Once again, that totally magic time of year for ardent deer hunters is upon us, when bucks throw caution to the wind and shift into a more-vulnerable state of mind.
If not for the rut — and, recently, for trail camera surveillance — most mature bucks would never even be known to exist.
This statement is no exaggeration, as any serious mature-buck hunter can readily attest.
Beyond sheer luck (even a broken clock is right twice a day) or the fact that grandpappy always took a “good” buck from this stand, if you want to be consistently successful at seeing and bagging old, fully mature, mossy-antlered bucks, an extraordinary level of dedication, time spent in the woods and intelligence gathering must be achieved.
By intelligence gathering, I am referring to the dictionary definition of “intelligence,” which is “the gathering of secret information.” And if mature bucks are anything at all, they are super secretive.
Because of their secretive nature and since a large proportion of their movement occurs under cover of darkness, a well-planned and executed grid of trail cameras is the best way to fill in the gaps regarding buck movement.
One key factor in trail-camera success revolves around learning where the best camera locations are to capture photo data on virtually every buck that gets onto your property.
As I have pointed out in previous articles, there are several classifications of bucks that you can easily document by way of your trail-camera photo database. A constant stream of photos starting in late summer and continuing on through fall and winter should give you all the information you need to determine what classification each observed buck falls into.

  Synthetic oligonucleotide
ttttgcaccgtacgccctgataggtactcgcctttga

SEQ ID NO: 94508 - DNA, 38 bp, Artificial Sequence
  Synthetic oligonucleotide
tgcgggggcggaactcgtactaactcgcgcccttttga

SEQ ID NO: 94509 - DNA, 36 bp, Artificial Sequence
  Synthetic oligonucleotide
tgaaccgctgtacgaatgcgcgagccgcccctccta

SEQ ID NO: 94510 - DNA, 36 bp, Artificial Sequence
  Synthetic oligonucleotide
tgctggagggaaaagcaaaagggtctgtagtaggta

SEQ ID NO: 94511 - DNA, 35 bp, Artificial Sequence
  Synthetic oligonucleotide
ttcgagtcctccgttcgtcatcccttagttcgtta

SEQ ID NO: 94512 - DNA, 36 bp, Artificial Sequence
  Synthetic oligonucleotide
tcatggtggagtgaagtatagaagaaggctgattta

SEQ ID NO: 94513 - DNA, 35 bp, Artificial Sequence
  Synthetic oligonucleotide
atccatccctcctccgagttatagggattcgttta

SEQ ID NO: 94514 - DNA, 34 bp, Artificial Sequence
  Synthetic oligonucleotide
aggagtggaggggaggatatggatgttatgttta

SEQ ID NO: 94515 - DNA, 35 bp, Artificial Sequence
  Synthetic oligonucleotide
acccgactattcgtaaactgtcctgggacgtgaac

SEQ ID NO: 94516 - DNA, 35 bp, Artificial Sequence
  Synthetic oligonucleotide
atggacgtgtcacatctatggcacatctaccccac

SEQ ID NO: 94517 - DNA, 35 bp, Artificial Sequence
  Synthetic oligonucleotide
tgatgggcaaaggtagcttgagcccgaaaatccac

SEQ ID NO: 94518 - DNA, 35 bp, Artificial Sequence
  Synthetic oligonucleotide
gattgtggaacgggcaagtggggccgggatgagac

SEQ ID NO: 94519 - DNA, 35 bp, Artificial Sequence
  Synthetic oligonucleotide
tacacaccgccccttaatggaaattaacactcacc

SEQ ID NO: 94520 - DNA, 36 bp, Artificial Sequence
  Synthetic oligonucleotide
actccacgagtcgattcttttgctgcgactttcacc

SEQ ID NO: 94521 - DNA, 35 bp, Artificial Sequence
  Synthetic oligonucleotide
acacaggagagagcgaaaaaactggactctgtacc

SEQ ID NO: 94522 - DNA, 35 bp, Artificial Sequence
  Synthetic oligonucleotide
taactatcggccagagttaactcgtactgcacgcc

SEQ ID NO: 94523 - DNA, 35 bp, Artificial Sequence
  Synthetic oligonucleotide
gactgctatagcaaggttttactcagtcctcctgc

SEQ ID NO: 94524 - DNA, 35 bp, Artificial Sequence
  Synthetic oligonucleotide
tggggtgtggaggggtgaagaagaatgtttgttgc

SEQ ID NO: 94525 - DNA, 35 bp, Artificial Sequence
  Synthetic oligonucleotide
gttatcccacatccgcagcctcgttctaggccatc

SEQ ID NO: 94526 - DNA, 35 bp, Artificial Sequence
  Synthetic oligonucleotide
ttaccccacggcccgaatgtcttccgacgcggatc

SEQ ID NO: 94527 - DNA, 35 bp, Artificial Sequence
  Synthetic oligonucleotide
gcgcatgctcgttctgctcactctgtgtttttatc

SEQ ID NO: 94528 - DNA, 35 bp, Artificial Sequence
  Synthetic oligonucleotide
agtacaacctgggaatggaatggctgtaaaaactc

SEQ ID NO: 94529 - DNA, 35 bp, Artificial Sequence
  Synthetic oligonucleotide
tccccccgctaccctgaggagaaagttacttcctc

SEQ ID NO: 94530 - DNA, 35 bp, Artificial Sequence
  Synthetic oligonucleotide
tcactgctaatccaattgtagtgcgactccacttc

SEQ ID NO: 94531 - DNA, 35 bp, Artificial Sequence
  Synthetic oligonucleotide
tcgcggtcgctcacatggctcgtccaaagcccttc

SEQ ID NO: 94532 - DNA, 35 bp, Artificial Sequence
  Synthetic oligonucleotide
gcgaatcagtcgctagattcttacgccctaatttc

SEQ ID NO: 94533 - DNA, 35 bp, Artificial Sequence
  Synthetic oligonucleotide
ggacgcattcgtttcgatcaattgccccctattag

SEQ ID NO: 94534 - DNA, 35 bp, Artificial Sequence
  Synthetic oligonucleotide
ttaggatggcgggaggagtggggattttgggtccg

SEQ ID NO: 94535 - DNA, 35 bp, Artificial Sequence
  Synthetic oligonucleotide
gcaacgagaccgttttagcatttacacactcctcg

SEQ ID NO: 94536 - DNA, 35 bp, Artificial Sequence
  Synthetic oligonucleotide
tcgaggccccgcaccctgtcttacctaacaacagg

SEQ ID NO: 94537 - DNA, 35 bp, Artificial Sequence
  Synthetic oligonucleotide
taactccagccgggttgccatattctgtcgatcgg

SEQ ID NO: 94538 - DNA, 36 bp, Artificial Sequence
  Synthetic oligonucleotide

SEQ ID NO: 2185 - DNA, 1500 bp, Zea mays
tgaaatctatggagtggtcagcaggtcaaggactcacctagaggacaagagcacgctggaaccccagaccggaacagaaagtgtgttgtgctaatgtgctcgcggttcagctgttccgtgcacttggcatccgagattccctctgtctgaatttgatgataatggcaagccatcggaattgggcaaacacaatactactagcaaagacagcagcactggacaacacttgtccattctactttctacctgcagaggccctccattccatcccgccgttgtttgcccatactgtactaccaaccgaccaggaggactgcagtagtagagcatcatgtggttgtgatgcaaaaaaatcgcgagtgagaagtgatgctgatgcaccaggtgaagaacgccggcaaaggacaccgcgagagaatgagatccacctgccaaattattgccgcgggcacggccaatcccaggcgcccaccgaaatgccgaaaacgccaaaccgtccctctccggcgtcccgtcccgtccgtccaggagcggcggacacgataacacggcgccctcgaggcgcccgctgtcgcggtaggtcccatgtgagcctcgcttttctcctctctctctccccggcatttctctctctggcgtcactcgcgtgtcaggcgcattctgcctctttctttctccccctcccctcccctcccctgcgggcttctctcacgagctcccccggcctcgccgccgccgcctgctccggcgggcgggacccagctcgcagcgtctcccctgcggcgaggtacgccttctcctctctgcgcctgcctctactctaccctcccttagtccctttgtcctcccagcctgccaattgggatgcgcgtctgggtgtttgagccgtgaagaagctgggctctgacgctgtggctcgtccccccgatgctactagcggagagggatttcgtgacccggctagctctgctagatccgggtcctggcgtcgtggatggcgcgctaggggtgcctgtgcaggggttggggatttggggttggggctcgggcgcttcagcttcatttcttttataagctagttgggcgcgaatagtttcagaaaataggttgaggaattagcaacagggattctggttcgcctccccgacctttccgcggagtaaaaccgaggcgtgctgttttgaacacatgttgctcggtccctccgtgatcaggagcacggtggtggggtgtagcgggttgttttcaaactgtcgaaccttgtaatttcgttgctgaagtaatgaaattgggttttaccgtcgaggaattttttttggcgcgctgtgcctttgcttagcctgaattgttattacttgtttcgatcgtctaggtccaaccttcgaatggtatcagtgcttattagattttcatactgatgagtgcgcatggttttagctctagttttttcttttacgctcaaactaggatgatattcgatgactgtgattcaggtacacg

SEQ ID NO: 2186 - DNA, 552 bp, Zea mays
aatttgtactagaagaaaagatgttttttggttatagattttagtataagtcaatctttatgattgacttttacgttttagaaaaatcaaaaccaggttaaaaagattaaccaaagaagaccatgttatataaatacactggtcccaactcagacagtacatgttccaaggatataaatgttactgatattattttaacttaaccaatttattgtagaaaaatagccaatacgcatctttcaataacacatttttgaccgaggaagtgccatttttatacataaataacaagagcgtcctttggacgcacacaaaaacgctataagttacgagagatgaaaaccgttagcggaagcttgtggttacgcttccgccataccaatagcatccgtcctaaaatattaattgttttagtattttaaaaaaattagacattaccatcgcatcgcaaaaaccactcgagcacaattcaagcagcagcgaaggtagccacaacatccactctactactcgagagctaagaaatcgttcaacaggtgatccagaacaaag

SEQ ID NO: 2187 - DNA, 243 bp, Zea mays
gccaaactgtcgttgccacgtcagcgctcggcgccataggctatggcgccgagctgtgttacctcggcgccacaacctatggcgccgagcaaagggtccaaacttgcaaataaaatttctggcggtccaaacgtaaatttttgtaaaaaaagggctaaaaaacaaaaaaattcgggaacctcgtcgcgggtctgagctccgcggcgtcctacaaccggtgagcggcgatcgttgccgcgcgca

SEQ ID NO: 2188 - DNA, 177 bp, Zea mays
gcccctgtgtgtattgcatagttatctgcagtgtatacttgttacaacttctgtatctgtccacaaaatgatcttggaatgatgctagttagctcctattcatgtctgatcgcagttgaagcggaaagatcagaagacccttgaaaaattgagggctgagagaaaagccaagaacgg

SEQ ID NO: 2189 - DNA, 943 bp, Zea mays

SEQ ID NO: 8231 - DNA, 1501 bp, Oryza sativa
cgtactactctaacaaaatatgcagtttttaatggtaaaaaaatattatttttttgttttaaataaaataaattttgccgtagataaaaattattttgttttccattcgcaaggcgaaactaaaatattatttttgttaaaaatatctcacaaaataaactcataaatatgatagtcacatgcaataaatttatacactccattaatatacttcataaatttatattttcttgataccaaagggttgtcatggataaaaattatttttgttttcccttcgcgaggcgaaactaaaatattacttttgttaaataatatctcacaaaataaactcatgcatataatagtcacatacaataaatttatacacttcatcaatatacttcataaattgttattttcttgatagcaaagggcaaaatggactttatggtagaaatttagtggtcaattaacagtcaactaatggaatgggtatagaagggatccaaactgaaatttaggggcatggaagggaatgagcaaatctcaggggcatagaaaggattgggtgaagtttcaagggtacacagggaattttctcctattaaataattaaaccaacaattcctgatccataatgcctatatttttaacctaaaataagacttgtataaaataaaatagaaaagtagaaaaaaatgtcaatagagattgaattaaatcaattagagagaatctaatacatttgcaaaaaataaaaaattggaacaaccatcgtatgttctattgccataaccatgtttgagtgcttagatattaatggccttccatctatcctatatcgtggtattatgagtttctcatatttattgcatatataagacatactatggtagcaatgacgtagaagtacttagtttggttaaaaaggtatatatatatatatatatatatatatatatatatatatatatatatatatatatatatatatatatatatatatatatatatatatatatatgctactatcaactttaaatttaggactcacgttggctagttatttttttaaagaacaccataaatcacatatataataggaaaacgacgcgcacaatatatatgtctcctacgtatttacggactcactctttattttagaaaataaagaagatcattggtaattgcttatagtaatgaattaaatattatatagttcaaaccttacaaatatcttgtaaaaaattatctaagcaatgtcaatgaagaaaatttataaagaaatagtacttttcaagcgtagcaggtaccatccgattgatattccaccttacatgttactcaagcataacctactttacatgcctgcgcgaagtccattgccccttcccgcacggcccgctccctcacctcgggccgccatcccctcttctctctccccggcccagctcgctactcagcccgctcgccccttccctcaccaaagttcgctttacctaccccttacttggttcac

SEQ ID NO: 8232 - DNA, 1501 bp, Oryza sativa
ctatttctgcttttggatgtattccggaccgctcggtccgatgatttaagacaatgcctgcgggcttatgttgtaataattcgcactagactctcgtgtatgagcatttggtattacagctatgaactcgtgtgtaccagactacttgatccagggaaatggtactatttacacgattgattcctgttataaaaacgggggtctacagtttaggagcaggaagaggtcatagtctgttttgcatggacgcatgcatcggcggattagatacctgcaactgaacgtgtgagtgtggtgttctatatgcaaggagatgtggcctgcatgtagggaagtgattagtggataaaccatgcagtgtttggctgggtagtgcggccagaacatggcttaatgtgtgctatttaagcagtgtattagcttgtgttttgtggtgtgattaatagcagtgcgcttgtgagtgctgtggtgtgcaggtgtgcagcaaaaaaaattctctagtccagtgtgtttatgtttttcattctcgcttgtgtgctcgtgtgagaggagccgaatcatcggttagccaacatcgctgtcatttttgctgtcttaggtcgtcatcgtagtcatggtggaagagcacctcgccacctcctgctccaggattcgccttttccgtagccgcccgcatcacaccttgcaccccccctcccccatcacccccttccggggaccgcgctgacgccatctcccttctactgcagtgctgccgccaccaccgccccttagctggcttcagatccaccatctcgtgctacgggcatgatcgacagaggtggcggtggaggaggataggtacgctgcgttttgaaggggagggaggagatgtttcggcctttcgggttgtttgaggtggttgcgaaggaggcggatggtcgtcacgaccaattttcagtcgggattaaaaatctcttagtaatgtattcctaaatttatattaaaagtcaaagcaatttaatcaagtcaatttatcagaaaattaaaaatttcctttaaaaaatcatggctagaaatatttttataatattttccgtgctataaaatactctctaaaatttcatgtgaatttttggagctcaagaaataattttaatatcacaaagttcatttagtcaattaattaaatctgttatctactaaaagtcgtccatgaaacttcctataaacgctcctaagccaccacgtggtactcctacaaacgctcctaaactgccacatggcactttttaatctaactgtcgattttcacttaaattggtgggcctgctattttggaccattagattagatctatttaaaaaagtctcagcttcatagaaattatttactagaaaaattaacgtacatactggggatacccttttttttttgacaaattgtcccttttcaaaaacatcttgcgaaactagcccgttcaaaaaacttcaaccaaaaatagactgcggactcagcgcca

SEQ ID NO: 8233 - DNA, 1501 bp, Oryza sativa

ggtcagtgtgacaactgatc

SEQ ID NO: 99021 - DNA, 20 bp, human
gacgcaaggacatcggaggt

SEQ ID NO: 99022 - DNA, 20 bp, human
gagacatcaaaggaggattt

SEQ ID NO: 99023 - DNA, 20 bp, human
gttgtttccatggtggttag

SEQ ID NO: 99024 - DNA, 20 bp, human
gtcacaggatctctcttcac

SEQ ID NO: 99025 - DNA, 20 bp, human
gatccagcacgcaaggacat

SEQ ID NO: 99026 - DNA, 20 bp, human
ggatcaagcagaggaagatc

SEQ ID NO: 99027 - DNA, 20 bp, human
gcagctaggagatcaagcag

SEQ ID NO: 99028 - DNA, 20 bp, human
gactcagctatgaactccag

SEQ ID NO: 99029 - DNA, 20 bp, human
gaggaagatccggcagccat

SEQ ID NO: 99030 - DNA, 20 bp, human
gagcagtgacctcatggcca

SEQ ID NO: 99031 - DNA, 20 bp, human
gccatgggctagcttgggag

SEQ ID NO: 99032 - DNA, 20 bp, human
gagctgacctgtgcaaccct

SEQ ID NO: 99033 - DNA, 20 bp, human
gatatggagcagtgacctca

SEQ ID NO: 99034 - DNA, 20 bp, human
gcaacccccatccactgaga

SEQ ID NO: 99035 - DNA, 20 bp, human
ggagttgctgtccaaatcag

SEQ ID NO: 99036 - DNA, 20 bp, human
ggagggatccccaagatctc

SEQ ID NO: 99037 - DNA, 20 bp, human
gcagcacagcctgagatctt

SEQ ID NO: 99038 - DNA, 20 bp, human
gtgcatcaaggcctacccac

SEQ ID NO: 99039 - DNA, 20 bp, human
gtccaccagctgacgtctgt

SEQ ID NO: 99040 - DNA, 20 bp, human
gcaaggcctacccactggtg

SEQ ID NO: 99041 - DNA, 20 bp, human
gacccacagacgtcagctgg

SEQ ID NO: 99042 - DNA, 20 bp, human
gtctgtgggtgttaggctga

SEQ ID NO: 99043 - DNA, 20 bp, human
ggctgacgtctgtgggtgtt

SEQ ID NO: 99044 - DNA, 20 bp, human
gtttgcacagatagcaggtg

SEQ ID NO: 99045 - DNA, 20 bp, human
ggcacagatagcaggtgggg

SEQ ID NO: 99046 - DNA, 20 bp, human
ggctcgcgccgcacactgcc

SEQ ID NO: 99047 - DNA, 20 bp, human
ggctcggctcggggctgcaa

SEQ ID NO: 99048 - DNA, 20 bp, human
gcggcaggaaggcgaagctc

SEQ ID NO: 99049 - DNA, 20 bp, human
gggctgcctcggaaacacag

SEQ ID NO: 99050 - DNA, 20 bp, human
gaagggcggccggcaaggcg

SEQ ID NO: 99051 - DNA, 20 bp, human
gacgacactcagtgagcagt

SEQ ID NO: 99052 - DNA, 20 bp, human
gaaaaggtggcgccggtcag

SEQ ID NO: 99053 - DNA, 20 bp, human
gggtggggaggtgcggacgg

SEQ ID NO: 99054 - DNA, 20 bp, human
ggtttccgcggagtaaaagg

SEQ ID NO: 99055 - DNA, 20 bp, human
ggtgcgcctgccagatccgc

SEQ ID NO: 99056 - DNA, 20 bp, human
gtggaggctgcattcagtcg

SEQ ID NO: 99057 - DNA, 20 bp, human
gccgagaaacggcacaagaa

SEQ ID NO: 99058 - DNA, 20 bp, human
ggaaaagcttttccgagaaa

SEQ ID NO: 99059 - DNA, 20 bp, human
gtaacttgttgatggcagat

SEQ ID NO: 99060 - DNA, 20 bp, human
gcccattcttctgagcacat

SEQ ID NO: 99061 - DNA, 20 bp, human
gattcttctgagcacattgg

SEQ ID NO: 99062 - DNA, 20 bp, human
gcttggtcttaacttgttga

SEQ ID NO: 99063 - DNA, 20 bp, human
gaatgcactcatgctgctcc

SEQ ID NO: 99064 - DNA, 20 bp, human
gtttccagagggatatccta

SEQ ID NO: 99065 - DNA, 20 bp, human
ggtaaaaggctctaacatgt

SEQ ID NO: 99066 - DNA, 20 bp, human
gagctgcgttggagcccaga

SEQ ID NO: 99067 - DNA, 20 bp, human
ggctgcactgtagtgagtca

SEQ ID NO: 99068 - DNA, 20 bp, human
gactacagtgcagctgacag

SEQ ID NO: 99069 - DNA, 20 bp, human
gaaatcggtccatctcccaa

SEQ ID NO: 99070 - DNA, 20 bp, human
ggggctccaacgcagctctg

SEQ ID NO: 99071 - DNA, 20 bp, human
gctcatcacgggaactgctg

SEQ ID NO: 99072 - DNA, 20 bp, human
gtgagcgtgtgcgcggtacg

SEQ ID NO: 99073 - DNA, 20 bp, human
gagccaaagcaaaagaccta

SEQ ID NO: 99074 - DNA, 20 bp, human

True resident bucks can be seen from when you first put your cameras out during late summer, and as fall and the prerut approaches they will start to expand their core areas.
If your property is large enough, their ranges will stay within your boundaries. If not, their newly expanded range patterns will extend onto neighboring property, and certain bucks will be shared with adjacent landowners.
The very same buck range expansion happens all around you, so adjacent properties wind up sharing a given set of bucks across the hunting season.
This classification of buck is termed “range expander.”
But, alarmingly for a land owner/manager who has been watching a particular buck and licking his chops since the summer, the classification of buck referred to as “range shifter” can be a real bummer.
Certain bucks that might be considered as residents based on visibility during the summer and maybe even early fall can suddenly shift their ranges as the rut approaches and wind up living elsewhere for the balance of the hunting season.
But, of course, the flip side is also true: Bucks that never step foot on your property for eight or nine or even more months of the year can suddenly show up on your trail camera photos, staying visible off and on for anywhere from a few weeks to a couple of months, only to disappear as suddenly as they first appeared.